Having agreed to join the Manatee Stranding Network, set up by Coastal Zone Management, l thought the chance of being called upon was remote. I was wrong.
After the rush to get to Belize City, the first time l saw Hercules, all that was visible was a dark grey elephant-like skin with sparse hairs floating at the surface of the holding tank. After a moment two nostrils appeared and Hercules, the three week-old Manatee, raised his tiny head for a breath. As he took his, I lost mine. Here was the opportunity to help one of the most endangered marine creatures on the planet.
Hercules had been abandoned by his mother near Belize City and rescued by Coastal Zone Management on April 26th. Our job was to feed him and ensure his health for seven days, prior to his departure to Mexico, where they have a rehabilitation facility for such creatures.
His daily routine included three hour-long feedings of soy milk powder, water and dextrose. We also had to have someone with him every minute so that we could count his breaths to ensure he was not under stress and all was normal. This vigil was carried out by willing volunteers (soon to be weary volunteers) who did a sterling job counting every single breath 24 hours a day for seven days.
Each day the Fire Department would arrive to pump fresh lagoon water into adjoining tanks so that we could move him from tank to tank to prevent any infection from stale water. The three hour feeding times were an energetic experience. First, we would enter the water after showering to remove all chemicals, such as antiperspirant, and then gently restrain him with a sling held by two people in wetsuits. We then carefully lifted this 85 pound baby out of the water and held him in a bear hug from behind. One would then sit on a upside down bucket whilst the other person bottle fed him. At times, whilst l was holding him, he would drop off to sleep half way through his bottle, just like a human baby, and would need a gentle nudge to remind him to suck. To start, he would suck on my fingers and get the idea before he started on the bottle. Throughout this drama, a strict code was enforced which was total silence, absolute cleanliness and a hospital-like atmosphere. Despite temptation, no talking or calling to him was allowed. It is important in such situations that the artificially raised calf (a wild animal that must be returned) not be allowed to become attached or influenced by human behaviour and sounds.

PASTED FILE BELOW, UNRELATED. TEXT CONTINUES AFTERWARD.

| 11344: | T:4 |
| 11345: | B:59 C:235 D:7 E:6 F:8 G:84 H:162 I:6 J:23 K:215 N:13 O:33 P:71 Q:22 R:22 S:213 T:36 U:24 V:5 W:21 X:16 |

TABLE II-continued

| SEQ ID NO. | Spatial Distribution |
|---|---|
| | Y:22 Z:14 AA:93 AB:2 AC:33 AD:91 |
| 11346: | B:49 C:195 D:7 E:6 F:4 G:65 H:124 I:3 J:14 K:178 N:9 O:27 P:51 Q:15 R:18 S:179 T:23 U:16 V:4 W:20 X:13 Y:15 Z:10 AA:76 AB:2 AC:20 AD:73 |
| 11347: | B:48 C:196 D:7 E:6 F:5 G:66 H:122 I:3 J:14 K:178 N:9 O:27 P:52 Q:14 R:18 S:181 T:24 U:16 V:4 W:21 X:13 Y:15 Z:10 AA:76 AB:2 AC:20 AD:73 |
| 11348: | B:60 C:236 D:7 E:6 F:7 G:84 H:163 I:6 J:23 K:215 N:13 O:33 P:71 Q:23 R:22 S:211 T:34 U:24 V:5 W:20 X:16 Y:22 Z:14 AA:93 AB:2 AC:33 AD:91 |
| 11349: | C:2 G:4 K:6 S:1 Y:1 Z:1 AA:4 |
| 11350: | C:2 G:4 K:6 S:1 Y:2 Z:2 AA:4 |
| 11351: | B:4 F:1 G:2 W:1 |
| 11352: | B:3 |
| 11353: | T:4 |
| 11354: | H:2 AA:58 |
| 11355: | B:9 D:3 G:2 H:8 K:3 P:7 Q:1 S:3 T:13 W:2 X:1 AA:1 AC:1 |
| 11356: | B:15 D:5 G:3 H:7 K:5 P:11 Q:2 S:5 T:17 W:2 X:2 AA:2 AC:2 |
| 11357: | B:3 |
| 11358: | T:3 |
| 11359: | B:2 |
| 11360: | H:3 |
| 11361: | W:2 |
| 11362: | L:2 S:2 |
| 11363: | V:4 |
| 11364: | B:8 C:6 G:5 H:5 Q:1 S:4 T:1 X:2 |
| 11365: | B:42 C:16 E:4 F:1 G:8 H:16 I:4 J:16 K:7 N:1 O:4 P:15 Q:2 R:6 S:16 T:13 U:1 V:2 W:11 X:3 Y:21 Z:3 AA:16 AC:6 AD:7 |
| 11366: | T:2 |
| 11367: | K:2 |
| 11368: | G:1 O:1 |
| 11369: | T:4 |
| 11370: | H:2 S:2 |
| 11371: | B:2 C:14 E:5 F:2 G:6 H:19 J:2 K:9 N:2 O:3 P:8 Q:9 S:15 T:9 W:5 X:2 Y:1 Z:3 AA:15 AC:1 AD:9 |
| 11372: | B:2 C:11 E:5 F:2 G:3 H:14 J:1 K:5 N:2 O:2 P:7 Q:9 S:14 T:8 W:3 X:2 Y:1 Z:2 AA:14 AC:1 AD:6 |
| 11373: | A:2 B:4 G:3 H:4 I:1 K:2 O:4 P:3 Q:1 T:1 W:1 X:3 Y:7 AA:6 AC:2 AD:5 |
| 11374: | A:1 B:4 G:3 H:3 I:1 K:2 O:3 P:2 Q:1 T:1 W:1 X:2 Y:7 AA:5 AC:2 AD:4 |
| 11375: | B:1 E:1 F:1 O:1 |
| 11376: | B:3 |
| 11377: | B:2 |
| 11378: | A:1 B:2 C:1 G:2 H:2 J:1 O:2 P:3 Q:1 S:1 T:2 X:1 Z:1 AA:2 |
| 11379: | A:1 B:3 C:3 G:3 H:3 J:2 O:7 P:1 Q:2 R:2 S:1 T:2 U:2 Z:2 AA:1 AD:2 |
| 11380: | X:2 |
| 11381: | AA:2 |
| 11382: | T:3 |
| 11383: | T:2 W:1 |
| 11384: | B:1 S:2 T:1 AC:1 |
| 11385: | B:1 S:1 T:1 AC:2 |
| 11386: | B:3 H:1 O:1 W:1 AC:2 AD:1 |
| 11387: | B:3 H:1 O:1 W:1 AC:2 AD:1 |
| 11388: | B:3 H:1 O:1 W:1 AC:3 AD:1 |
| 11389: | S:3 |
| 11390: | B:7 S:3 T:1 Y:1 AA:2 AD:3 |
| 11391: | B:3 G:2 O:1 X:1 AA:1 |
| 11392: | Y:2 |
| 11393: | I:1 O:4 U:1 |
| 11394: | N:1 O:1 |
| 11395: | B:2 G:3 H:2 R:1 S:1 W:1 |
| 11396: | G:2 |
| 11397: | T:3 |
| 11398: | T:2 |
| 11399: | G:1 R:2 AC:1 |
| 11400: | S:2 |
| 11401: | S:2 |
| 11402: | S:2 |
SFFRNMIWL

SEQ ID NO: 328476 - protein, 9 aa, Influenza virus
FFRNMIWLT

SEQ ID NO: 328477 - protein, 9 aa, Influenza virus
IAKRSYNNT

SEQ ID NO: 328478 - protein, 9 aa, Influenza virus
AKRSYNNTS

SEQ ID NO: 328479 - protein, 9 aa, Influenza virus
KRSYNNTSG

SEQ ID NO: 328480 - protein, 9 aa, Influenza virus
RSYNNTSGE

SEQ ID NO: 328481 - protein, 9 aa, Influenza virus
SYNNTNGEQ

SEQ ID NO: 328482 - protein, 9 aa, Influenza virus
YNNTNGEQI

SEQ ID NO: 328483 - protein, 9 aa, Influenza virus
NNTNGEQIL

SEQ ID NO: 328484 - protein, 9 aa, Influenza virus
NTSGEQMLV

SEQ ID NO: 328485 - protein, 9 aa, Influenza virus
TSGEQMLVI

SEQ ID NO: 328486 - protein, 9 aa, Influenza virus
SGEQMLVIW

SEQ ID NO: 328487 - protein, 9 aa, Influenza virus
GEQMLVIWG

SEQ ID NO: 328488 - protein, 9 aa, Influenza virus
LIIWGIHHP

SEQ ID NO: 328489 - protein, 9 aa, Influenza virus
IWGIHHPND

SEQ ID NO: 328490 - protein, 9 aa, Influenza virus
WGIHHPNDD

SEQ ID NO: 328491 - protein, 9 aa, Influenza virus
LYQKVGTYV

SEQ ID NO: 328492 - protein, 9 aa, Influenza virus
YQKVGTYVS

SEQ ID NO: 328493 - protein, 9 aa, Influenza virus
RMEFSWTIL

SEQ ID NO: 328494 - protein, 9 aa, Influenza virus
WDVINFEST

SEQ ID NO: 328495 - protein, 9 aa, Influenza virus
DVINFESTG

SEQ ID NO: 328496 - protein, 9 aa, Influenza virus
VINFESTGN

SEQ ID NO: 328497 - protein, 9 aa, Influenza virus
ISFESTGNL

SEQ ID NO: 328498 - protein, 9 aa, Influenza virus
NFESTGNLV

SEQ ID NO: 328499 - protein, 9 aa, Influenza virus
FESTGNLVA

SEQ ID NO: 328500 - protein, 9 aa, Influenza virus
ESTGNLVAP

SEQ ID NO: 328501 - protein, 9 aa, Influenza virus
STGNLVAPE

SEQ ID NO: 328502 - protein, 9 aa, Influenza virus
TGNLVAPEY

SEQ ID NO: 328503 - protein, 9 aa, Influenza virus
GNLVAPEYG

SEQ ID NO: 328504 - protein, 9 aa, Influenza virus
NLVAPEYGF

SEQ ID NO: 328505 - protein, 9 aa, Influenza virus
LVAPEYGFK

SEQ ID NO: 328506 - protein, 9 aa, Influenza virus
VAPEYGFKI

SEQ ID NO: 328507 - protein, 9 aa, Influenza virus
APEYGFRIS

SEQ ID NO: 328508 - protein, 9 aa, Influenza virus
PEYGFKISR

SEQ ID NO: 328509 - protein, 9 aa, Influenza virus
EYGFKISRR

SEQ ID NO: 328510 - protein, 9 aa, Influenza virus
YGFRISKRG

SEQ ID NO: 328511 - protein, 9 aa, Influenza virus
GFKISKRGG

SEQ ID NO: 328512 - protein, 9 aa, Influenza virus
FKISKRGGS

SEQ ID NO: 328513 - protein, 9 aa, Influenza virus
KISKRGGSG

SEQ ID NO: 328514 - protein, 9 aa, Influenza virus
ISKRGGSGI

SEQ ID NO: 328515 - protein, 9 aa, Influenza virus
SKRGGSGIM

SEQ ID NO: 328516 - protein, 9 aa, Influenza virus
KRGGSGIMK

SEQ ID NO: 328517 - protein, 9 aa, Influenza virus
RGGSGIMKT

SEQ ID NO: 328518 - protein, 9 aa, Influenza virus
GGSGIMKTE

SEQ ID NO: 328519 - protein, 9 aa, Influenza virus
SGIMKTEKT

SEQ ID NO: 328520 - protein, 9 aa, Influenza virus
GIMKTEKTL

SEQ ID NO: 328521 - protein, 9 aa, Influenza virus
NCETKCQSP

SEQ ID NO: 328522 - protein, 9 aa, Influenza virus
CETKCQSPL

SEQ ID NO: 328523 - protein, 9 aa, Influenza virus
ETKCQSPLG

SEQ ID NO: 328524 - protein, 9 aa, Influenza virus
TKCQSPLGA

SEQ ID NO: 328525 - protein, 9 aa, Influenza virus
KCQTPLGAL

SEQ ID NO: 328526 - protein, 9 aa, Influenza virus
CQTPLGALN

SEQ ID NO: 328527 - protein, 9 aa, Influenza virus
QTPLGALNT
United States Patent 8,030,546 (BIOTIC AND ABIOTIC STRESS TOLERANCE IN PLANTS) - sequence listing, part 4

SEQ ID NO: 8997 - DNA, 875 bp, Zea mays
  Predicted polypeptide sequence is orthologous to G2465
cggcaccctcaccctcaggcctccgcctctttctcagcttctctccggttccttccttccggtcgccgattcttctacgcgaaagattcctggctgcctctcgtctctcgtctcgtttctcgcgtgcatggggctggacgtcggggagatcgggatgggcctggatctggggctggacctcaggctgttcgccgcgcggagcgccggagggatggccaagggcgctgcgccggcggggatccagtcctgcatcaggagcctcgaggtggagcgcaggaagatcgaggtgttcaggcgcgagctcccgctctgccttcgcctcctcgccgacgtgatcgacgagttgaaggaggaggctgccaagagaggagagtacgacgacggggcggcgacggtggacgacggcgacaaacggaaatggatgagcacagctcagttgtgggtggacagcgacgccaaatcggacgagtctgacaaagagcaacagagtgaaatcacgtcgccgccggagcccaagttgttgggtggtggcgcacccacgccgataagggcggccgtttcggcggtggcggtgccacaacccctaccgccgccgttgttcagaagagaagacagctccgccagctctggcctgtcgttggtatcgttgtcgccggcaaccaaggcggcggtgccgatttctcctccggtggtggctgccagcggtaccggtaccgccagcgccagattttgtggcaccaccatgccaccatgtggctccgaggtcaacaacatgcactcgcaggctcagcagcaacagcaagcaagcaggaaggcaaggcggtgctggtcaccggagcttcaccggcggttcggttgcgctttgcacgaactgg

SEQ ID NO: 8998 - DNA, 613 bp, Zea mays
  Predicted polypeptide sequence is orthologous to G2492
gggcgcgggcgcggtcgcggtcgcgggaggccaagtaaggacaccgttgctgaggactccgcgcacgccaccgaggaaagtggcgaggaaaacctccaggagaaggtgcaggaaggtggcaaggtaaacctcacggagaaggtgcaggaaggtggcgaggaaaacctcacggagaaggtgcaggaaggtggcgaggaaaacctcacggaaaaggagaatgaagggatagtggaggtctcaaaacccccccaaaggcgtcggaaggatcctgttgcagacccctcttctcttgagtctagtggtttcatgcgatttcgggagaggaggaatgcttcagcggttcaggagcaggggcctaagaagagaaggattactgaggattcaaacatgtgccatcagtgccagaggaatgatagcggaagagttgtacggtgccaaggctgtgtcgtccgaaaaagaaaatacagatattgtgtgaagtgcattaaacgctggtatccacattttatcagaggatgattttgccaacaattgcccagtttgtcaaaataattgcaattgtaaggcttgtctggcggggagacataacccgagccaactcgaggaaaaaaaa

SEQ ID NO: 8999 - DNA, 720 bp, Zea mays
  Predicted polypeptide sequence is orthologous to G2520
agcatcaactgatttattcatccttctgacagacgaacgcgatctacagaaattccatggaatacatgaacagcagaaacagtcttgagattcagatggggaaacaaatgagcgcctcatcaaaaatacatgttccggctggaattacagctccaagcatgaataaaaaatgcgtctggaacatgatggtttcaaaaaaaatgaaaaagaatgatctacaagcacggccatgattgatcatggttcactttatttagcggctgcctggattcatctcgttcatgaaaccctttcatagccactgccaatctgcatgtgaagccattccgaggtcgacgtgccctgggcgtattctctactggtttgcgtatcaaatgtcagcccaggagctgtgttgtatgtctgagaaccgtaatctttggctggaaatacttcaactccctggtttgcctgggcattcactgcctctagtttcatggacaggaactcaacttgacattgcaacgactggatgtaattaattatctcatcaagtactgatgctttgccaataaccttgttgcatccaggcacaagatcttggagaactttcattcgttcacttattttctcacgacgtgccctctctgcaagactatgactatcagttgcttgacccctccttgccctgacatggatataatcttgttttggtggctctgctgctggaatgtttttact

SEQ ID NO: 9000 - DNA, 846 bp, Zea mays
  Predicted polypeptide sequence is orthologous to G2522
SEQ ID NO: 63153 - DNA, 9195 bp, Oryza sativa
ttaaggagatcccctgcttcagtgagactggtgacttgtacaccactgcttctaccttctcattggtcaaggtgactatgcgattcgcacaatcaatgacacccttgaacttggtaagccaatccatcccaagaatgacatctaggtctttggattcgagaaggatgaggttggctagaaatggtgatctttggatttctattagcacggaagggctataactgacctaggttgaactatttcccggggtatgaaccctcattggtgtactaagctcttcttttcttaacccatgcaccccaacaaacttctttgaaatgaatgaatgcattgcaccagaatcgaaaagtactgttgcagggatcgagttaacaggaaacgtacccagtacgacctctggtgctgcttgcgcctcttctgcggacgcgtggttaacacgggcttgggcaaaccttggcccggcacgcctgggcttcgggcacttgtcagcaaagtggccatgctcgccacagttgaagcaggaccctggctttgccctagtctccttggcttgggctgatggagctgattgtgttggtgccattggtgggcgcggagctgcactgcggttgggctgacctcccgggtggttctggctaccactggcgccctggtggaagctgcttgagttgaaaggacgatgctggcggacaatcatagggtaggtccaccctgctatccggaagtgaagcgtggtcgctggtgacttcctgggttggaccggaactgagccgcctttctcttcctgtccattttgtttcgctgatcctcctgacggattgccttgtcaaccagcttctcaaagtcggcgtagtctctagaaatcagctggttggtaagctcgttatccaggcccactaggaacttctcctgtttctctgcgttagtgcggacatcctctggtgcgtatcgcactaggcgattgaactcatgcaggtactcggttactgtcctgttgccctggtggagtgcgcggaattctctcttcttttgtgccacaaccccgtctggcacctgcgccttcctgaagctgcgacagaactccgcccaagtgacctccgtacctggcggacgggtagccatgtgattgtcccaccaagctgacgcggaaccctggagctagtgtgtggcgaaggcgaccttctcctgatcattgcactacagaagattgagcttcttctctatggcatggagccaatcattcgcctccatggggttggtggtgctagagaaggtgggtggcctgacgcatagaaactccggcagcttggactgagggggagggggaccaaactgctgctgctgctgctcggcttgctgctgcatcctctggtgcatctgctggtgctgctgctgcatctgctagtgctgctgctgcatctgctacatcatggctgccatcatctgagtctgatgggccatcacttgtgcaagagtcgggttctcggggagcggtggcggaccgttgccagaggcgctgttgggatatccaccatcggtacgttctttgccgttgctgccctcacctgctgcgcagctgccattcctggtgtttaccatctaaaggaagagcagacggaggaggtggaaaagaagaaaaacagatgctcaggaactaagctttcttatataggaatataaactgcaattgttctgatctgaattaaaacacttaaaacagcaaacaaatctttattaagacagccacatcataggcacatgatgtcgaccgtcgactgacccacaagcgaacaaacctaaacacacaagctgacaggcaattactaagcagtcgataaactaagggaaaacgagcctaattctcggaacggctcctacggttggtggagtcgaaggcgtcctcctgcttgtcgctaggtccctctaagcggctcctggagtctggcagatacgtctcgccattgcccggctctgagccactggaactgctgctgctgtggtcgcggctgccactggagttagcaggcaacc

The most remarkable thing about Manatees are their lips, which are covered with tactile hairs covering extremely prehensile lips which move like two fingers in a glove. The lips felt and manipulated the bottle teat with perfect precision, directing it into his mouth for each feed. On a few occasions, we took him from the water and placed him on a foam mattress and took samples of blood and faeces for analysis. To our great relief, these were all normal. We had a fit and healthy baby Manatee on our hands - a rare and totally incredible experience.
On the seventh day, our sandfly and mosquito-bitten team prepared Hercules for his long journey. He was transported in a padded sling in the back of an air conditioned truck. After eight exhausting hours, Hercules arrived at Xcaret for his extended vacation, which will be for some two years. He will have to be bottle fed for this entire time. The good news is that he will be living with another Manatee calf already there recovering from severe machete wounds caused by cruel and gutless hunters. They were very pleased to see each other having both lost their parents.
In two years time, when Hercules is an adult male, he will be returned to Belize and released back into the wild. Thank goodness that Belize has full legal protection of these incredible animals, although the latest official count stated that there were only 400 manatees left in Belize. In evolutionary terms, this number is a blink of the eye - and if we don't all do our best to protect them, and their habitat, there will only be photographs left to show our children.
I was honored to be asked to assist Coastal Zone Management in the rehabilitation of Hercules, and in terms of strandings, hope it is a long time before we are called upon again.
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